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Ann Neurol ; 91(6): 740-755, 2022 06.
Article in English | MEDLINE | ID: covidwho-1729093


OBJECTIVE: The purpose of this study was to estimate the time to recovery of command-following and associations between hypoxemia with time to recovery of command-following. METHODS: In this multicenter, retrospective, cohort study during the initial surge of the United States' pandemic (March-July 2020) we estimate the time from intubation to recovery of command-following, using Kaplan Meier cumulative-incidence curves and Cox proportional hazard models. Patients were included if they were admitted to 1 of 3 hospitals because of severe coronavirus disease 2019 (COVID-19), required endotracheal intubation for at least 7 days, and experienced impairment of consciousness (Glasgow Coma Scale motor score <6). RESULTS: Five hundred seventy-one patients of the 795 patients recovered command-following. The median time to recovery of command-following was 30 days (95% confidence interval [CI] = 27-32 days). Median time to recovery of command-following increased by 16 days for patients with at least one episode of an arterial partial pressure of oxygen (PaO2 ) value ≤55 mmHg (p < 0.001), and 25% recovered ≥10 days after cessation of mechanical ventilation. The time to recovery of command-following  was associated with hypoxemia (PaO2 ≤55 mmHg hazard ratio [HR] = 0.56, 95% CI = 0.46-0.68; PaO2 ≤70 HR = 0.88, 95% CI = 0.85-0.91), and each additional day of hypoxemia decreased the likelihood of recovery, accounting for confounders including sedation. These findings were confirmed among patients without any imagining evidence of structural brain injury (n = 199), and in a non-overlapping second surge cohort (N = 427, October 2020 to April 2021). INTERPRETATION: Survivors of severe COVID-19 commonly recover consciousness weeks after cessation of mechanical ventilation. Long recovery periods are associated with more severe hypoxemia. This relationship is not explained by sedation or brain injury identified on clinical imaging and should inform decisions about life-sustaining therapies. ANN NEUROL 2022;91:740-755.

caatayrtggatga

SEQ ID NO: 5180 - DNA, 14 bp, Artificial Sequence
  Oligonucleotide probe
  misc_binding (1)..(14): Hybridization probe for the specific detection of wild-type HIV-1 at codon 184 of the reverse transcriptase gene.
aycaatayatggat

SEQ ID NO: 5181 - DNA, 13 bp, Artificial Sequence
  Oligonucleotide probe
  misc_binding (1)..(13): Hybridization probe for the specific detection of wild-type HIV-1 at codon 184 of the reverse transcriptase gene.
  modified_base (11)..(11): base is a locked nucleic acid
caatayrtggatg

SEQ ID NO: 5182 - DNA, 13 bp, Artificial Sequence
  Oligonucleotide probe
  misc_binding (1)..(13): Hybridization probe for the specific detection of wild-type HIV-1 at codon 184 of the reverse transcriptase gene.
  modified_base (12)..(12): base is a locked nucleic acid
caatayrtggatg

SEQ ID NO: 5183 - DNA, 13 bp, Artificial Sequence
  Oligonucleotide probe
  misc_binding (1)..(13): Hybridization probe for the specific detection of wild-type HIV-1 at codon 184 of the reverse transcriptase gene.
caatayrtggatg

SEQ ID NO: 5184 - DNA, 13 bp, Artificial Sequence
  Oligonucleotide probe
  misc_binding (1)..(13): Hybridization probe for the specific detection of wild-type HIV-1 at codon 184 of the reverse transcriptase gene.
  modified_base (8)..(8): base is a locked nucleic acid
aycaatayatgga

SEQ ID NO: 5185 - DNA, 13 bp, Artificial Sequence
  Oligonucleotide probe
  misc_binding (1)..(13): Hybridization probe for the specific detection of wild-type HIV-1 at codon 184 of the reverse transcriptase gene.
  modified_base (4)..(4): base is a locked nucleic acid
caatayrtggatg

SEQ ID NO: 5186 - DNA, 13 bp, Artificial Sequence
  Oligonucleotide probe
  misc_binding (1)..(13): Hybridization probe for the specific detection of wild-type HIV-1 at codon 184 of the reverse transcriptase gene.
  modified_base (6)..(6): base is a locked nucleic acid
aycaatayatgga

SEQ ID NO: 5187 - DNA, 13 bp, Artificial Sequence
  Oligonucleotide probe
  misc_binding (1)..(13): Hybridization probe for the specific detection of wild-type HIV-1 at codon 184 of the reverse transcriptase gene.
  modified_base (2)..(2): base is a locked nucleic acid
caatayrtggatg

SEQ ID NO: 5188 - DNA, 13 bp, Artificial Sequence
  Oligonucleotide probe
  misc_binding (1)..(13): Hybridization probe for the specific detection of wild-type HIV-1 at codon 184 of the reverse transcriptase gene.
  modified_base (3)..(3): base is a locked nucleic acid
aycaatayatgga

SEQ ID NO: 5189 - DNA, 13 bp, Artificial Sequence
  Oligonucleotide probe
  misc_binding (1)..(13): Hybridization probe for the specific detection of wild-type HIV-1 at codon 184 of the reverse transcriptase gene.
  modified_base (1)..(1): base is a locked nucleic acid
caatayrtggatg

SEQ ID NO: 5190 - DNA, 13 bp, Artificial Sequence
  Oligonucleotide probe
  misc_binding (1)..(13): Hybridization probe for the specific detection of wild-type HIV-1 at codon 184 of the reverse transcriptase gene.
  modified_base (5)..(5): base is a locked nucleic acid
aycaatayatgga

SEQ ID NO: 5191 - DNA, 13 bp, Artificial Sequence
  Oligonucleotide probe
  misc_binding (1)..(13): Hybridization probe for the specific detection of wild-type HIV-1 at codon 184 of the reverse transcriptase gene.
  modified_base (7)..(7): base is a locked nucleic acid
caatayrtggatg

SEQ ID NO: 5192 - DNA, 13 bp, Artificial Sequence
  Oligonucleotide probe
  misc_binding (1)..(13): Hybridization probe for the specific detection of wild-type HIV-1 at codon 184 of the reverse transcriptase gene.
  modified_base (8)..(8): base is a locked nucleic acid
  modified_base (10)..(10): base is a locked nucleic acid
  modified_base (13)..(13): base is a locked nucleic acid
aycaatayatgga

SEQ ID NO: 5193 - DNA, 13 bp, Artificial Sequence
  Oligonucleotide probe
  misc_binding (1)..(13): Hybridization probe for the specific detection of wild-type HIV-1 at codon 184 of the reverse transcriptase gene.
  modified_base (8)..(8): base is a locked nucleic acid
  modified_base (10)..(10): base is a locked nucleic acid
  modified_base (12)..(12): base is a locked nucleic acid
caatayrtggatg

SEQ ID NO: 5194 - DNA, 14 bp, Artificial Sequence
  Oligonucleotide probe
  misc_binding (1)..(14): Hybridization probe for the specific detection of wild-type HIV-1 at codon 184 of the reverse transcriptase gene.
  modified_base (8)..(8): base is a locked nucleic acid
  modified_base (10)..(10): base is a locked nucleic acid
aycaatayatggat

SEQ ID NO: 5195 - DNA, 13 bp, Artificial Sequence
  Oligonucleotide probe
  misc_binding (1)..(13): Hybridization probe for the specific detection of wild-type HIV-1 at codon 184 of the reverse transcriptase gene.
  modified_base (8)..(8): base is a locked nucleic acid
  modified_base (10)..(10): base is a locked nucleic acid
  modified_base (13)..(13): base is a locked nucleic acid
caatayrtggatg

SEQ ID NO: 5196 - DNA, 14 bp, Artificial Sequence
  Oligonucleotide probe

Brain Injuries , COVID-19 , Brain Injuries/complications , COVID-19/complications , Cohort Studies , Humans , Hypoxia , Retrospective Studies , Unconsciousness/complications
J Neurol Sci ; 421: 117308, 2021 02 15.
Article in English | MEDLINE | ID: covidwho-1033825


We evaluated the incidence, distribution, and histopathologic correlates of microvascular brain lesions in patients with severe COVID-19. Sixteen consecutive patients admitted to the intensive care unit with severe COVID-19 undergoing brain MRI for evaluation of coma or neurologic deficits were retrospectively identified. Eleven patients had punctate susceptibility-weighted imaging (SWI) lesions in the subcortical and deep white matter, eight patients had >10 SWI lesions, and four patients had lesions involving the corpus callosum. The distribution of SWI lesions was similar to that seen in patients with hypoxic respiratory failure, sepsis, and disseminated intravascular coagulation. Brain autopsy in one patient revealed that SWI lesions corresponded to widespread microvascular injury, characterized by perivascular and parenchymal petechial hemorrhages and microscopic ischemic lesions. Collectively, these radiologic and histopathologic findings add to growing evidence that patients with severe COVID-19 are at risk for multifocal microvascular hemorrhagic and ischemic lesions in the subcortical and deep white matter.

Brain Injuries/diagnostic imaging , COVID-19/diagnostic imaging , Magnetic Resonance Imaging/methods , Microvessels/diagnostic imaging , Severity of Illness Index , Brain/blood supply , Brain/diagnostic imaging , Brain Injuries/etiology , COVID-19/complications , Humans , Intensive Care Units/trends , Male , Microvessels/injuries , Middle Aged , Retrospective Studies